Human Rights, Power and Civic Action
Comparative analyses of struggles for rights in developing societies
Human Rights, Power and Civic Action examines the interrelationship between struggles for human rights and the dynamics of power, focusing on situations of poverty and oppression in developing countries. It is argued that the concept of power is a relatively neglected one in the study of rights-based approaches to development, especially the ways in which structures and relations of power can limit human rights advocacy. Therefore this book focuses on how local and national struggles for rights have been constrained by power relations and structural inequalities, as well as the extent to which civic action has been able to challenge, alter or transform such power structures, and simultaneously to enhance protection of people’s basic human rights. Contributors examine and compare struggles to advance human rights by non-governmental actors in Cambodia, China, Ghana, Kenya, South Africa and Zimbabwe. The country case-studies analyse structures of power responsible for the negation and denial of human rights, as well as how rights-promoting organisations challenge such structures. Utilising a comparative approach, the book provides empirically grounded studies leading to new theoretical understanding of the interrelationships between human rights struggles, power and poverty reduction.
Human Rights, Power and Civic Action will be of interest to students and scholars of human rights politics, power, development, and governance.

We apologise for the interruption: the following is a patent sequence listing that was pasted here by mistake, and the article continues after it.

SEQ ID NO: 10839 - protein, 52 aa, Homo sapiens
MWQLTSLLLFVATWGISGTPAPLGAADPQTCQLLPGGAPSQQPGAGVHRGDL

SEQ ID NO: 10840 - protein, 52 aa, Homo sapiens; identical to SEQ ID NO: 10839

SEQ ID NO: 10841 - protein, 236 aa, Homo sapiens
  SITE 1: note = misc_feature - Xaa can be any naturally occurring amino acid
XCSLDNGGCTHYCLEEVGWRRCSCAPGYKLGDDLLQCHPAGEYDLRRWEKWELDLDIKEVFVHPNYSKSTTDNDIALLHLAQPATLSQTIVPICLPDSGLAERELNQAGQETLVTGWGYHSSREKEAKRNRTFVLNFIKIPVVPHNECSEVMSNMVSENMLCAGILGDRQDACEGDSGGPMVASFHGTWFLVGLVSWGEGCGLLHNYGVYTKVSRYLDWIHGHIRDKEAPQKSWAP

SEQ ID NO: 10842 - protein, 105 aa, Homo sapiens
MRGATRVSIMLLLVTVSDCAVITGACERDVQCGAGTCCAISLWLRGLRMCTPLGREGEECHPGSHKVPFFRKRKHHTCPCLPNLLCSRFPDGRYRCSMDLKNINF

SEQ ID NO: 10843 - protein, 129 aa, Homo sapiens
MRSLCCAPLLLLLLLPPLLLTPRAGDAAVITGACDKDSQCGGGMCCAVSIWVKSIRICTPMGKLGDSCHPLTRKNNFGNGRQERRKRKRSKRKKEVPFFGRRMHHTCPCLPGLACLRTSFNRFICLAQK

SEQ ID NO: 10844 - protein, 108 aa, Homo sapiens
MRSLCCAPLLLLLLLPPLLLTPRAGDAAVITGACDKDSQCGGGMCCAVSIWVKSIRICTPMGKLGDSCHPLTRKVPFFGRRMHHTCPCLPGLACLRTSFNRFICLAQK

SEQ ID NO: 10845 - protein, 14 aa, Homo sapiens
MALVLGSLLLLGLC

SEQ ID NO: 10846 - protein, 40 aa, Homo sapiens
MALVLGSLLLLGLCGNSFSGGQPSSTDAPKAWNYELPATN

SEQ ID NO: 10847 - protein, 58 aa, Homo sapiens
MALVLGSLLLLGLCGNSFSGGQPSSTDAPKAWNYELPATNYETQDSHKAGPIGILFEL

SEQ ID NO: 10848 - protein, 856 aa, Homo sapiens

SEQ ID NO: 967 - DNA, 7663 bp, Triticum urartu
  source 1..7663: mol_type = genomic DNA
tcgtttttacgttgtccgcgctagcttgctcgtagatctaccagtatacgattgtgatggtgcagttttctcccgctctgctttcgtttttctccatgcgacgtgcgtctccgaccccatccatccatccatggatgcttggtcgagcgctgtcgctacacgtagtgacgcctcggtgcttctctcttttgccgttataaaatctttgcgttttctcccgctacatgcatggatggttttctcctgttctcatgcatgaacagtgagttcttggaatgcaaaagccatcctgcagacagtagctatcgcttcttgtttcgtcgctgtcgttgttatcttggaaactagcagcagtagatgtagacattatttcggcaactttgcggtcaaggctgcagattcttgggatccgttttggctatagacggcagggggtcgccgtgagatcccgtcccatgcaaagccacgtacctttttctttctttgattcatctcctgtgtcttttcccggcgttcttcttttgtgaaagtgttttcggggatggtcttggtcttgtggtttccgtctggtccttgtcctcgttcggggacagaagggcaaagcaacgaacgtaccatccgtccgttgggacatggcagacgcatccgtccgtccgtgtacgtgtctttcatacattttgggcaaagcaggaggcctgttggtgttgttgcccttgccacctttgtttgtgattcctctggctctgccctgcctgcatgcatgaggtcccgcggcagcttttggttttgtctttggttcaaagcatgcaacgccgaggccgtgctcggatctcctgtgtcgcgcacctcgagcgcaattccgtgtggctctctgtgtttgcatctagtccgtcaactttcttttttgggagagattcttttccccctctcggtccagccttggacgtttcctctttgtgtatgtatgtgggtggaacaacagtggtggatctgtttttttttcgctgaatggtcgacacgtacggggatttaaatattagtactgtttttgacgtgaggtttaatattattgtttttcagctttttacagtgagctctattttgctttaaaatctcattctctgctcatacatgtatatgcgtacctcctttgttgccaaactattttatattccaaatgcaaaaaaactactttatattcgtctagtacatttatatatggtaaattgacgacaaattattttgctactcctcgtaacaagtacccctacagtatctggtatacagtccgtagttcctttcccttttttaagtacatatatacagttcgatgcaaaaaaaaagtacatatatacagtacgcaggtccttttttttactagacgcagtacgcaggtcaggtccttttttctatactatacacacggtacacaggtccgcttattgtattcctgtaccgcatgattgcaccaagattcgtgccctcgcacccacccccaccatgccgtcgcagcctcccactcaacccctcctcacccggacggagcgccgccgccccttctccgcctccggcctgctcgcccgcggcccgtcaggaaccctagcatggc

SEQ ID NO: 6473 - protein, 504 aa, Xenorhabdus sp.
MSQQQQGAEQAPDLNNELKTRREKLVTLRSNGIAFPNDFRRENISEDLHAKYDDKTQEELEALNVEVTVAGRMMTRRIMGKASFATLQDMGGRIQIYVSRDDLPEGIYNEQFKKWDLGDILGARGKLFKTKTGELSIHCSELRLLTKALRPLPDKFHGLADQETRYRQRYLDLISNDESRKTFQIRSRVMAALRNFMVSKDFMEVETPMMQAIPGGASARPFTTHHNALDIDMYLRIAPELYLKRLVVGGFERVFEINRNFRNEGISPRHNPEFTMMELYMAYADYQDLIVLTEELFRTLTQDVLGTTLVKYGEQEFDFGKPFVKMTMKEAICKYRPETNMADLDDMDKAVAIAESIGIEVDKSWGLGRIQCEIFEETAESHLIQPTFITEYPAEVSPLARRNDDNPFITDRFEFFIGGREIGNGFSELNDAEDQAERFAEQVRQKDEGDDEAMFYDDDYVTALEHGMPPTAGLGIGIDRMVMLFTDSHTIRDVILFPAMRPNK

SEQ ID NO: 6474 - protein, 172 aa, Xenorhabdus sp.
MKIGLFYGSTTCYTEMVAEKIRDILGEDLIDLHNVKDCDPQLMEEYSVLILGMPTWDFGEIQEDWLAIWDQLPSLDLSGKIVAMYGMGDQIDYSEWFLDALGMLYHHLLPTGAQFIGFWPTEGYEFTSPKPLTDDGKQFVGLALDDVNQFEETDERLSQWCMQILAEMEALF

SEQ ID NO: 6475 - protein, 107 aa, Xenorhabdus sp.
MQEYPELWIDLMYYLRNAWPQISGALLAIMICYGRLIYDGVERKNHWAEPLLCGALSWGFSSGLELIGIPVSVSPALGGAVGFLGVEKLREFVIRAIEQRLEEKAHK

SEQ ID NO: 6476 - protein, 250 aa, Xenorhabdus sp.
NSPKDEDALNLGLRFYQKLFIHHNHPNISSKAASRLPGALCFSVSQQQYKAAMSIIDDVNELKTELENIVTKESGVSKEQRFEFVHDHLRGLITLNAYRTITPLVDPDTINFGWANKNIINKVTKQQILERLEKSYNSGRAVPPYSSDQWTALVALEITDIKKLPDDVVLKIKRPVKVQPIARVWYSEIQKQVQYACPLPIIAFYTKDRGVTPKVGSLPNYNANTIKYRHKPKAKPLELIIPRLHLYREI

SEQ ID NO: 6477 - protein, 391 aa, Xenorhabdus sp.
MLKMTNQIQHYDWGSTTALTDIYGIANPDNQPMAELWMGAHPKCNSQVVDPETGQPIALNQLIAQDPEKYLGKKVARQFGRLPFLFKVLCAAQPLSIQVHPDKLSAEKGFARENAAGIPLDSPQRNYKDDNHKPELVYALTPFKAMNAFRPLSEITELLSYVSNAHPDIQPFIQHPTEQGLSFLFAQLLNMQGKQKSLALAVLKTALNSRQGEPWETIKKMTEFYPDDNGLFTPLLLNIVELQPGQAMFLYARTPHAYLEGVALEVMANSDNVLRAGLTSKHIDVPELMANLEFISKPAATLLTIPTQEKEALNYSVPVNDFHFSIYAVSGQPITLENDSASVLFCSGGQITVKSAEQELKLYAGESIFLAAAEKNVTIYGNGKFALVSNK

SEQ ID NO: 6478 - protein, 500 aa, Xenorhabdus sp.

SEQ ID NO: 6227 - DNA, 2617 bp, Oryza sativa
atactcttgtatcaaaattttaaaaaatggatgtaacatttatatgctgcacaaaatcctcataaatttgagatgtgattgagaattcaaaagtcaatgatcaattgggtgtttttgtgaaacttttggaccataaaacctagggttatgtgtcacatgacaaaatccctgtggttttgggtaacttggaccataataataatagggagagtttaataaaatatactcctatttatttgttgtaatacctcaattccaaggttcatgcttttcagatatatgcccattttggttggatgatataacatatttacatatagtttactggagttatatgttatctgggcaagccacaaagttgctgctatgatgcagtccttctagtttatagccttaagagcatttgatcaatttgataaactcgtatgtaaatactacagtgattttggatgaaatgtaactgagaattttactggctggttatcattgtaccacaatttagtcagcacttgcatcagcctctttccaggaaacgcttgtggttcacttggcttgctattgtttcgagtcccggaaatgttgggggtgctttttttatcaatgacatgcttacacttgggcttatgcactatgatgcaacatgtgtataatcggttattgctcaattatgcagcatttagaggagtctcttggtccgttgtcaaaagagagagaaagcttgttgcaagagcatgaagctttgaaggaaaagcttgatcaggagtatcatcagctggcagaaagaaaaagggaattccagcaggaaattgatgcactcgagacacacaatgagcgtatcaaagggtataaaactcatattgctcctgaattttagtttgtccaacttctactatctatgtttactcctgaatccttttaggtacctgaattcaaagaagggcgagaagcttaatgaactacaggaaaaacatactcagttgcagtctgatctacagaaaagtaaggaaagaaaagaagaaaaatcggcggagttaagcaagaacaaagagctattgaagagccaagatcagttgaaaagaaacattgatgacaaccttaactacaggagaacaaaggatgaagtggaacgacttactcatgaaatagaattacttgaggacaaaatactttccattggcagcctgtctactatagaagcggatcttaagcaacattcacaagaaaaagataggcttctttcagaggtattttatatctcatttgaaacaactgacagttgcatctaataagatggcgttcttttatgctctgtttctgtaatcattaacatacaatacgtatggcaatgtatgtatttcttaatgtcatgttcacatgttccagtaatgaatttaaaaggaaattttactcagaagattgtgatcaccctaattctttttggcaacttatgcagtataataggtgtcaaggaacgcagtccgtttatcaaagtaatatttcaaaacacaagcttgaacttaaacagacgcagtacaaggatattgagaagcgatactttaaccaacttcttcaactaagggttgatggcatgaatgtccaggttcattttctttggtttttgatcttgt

Table of Contents
1. Human Rights, Power and Civic Action: Theoretical Considerations Gordon Crawford and Bård A. Andreassen 2. Rights Claiming and Rights Making in Zimbabwe: A Study of Three Human Rights NGOs Anne Hellum, Bill Derman, Geoff Feltoe, Ellen Sithole, Julie Stewart and Amy Tsanga 3. Kenya: Civic action from confrontation to collaboration? Bård A. Andreassen and Tiberius Barasa 4. Ghana: Struggles for rights in a democratizing context Gordon Crawford and Nana Akua Anyidoho 5. South Africa: From Struggle to Idealism and Back Again Malcolm Langford, Bill Derman, Tshebo Madlingozi, Khulekani Moyo, Jackie Dugard, Anne Hellum and Shirhami Shirinda 6. China: NGOs & Human Rights in Action Tang Lay Lee 7. Cambodia: Civil Society, Power and Stalled Democracy Stephen P. Marks and Ramya Naraharisetti 8. Power, Human Rights and Civic Action: Conclusions Gordon Crawford and Bård A. Andreassen
Bård A. Andreassen is Professor of Human Rights at the Norwegian Centre for Human Rights, University of Oslo. he is currently Research Director of the Research Group on Human Rights and Development at the Law Faculty, University of Oslo.
Gordon Crawford is Professor of Development Politics in the School of Politics and International Studies and Director of the Centre for Global Development at the University of Leeds, UK.
This is an important book for at least two main reasons. First, it is important because it departs from the conventional human rights discourse that has dominated the legal profession since the establishment of the international human rights regime…Second, the book is important because it is empirical in orientation, based on a common theoretical foundation: the power cube (Figure 1).
The rich empirical detail based on fieldwork is illuminating.
-- Arne Tostensen, Chr. Michelsen Institute, Norway